Academics are not a priority during a students first two years of college.
Nearly half of the nation’s undergraduates show almost no gains in learning in their first two years of college, in large part because colleges don’t make academics a priority, a new report shows.
Instructors tend to be more focused on their own faculty research than teaching younger students, who in turn are more tuned in to their social lives, according to the report, based on a book titled Academically Adrift: Limited Learning on College Campuses. Findings are based on transcripts and surveys of more than 3,000 full-time traditional-age students on 29 campuses nationwide, along with their results on the Collegiate Learning Assessment, a standardized test that gauges students’ critical thinking, analytic reasoning and writing skills.
After two years in college, 45% of students showed no significant gains in learning; after four years, 36% showed little change.
Students also spent 50% less time studying compared with students a few decades ago, the research shows.
“These are really kind of shocking, disturbing numbers,” says New York University professor Richard Arum, lead author of the book, published by the University of Chicago Press.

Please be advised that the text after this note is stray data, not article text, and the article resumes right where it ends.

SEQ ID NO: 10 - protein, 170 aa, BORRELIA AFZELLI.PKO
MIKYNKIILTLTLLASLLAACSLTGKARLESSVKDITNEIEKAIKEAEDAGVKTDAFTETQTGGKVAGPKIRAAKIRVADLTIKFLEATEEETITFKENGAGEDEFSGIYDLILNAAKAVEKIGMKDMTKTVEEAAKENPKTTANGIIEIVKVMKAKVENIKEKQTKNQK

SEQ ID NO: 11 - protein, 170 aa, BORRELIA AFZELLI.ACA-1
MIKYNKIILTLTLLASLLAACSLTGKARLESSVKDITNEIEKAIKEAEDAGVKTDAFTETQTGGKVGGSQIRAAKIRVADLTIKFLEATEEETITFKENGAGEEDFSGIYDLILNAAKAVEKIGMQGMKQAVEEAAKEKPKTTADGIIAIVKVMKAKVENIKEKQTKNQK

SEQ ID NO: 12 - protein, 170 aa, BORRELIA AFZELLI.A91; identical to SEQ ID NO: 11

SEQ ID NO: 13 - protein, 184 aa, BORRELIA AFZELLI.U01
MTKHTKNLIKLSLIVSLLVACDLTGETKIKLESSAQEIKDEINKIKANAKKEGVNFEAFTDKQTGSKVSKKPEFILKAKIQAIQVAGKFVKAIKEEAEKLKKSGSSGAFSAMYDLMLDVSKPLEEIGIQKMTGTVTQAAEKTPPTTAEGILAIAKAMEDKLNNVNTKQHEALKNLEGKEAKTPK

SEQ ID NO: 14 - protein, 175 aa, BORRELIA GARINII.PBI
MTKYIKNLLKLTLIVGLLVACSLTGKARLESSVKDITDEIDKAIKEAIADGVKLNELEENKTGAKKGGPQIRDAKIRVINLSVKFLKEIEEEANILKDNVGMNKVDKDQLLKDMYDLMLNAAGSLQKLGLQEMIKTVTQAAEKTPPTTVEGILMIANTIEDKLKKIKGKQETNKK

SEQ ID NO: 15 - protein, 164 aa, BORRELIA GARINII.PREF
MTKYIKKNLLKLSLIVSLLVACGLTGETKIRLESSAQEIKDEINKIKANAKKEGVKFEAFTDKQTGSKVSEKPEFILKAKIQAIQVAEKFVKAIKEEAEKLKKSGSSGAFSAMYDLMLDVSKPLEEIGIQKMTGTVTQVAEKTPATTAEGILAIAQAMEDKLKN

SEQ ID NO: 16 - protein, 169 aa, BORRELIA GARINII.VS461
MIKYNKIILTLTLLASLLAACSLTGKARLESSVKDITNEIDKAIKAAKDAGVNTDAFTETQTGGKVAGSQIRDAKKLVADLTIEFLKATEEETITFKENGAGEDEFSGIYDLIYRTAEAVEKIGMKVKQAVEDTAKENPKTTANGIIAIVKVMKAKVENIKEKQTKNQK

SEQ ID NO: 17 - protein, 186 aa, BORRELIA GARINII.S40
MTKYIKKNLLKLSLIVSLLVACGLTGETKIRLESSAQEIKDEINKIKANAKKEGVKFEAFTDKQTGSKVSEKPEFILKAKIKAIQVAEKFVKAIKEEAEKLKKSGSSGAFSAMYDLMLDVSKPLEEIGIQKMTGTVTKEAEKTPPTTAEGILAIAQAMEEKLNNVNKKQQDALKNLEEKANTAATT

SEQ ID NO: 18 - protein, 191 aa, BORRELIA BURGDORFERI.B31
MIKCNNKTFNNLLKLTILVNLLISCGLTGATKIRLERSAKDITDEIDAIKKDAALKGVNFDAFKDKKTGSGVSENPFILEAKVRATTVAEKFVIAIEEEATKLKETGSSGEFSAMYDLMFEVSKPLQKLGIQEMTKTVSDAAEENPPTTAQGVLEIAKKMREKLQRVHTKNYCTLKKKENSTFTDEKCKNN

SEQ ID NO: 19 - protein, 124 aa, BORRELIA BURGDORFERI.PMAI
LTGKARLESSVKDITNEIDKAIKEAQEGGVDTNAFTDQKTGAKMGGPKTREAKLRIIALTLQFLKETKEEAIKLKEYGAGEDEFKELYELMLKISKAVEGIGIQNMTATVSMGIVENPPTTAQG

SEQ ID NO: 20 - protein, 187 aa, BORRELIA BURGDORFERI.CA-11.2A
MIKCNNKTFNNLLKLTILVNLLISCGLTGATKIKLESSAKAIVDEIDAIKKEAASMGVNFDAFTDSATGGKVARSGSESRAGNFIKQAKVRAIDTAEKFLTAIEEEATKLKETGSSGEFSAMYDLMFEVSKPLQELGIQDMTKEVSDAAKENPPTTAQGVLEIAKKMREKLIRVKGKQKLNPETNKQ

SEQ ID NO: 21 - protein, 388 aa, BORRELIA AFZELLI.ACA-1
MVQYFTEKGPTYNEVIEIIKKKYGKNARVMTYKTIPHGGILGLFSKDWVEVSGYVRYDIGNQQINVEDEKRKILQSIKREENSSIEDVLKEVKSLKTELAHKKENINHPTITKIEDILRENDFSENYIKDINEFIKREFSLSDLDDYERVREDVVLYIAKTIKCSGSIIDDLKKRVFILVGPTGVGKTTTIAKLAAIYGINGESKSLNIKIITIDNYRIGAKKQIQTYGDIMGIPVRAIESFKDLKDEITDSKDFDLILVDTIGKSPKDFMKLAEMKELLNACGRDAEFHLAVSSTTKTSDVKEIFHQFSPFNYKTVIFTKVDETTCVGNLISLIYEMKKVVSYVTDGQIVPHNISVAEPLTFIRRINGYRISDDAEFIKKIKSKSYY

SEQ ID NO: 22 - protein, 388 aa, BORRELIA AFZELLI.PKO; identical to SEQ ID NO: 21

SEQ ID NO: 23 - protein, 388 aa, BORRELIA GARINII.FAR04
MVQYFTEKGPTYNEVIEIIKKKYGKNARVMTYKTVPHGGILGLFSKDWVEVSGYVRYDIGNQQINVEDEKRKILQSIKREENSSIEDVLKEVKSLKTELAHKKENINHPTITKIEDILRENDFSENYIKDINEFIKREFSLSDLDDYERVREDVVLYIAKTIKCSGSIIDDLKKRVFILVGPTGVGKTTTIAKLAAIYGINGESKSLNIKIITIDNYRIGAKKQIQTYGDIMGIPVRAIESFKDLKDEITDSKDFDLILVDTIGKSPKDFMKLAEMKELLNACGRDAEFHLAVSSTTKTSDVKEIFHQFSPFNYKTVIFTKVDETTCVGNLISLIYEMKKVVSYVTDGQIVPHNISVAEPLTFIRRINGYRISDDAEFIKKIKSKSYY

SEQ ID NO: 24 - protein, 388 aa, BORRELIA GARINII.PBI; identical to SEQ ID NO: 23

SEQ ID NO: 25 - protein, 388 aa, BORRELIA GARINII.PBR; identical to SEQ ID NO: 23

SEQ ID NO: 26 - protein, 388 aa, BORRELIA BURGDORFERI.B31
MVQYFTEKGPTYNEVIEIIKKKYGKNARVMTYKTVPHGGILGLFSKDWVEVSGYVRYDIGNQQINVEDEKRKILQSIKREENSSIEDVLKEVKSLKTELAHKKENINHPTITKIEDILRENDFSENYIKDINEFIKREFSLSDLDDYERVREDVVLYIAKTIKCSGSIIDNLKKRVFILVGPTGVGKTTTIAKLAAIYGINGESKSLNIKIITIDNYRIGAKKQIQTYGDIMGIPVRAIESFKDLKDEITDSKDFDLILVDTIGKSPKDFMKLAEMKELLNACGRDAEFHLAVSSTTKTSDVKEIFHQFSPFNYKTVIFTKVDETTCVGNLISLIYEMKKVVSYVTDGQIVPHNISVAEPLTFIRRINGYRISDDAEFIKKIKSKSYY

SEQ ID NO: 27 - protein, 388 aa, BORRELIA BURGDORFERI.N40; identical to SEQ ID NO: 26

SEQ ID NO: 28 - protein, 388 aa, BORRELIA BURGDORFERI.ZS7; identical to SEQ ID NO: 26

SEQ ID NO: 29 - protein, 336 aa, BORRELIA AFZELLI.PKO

He noted that students in the study, on average, earned a 3.2 grade-point average. “Students are able to navigate through the system quite well with little effort,” Arum said.
The Department of Education and Congress in recent years have looked for ways to hold colleges and universities accountable for student learning, but researchers say that federal intervention would be counterproductive.
“We can hope that the (new research) encourages rather than discourages college faculty to learn more about what works in terms of fostering higher levels of student learning,” said George Kuh of the Center for Postsecondary Research at Indiana University.
Charles Blaich, director of the Higher Education Data Sharing Consortium, used by 130 private colleges to improve education quality, said he thinks colleges are aware of the shortcomings but are trying to improve.
“I wouldn’t want to create the impression that schools are blind to this,” he said.
Other details in the research:
•35% of students report spending five or fewer hours per week studying alone. Yet, despite an “ever-growing emphasis” on study groups and collaborative projects, students who study in groups tend to have lower gains in learning.
•50% said they never took a class in a typical semester where they wrote more than 20 pages; 32% never took a course in a typical semester where they read more than 40 pages per week.
Via USA Today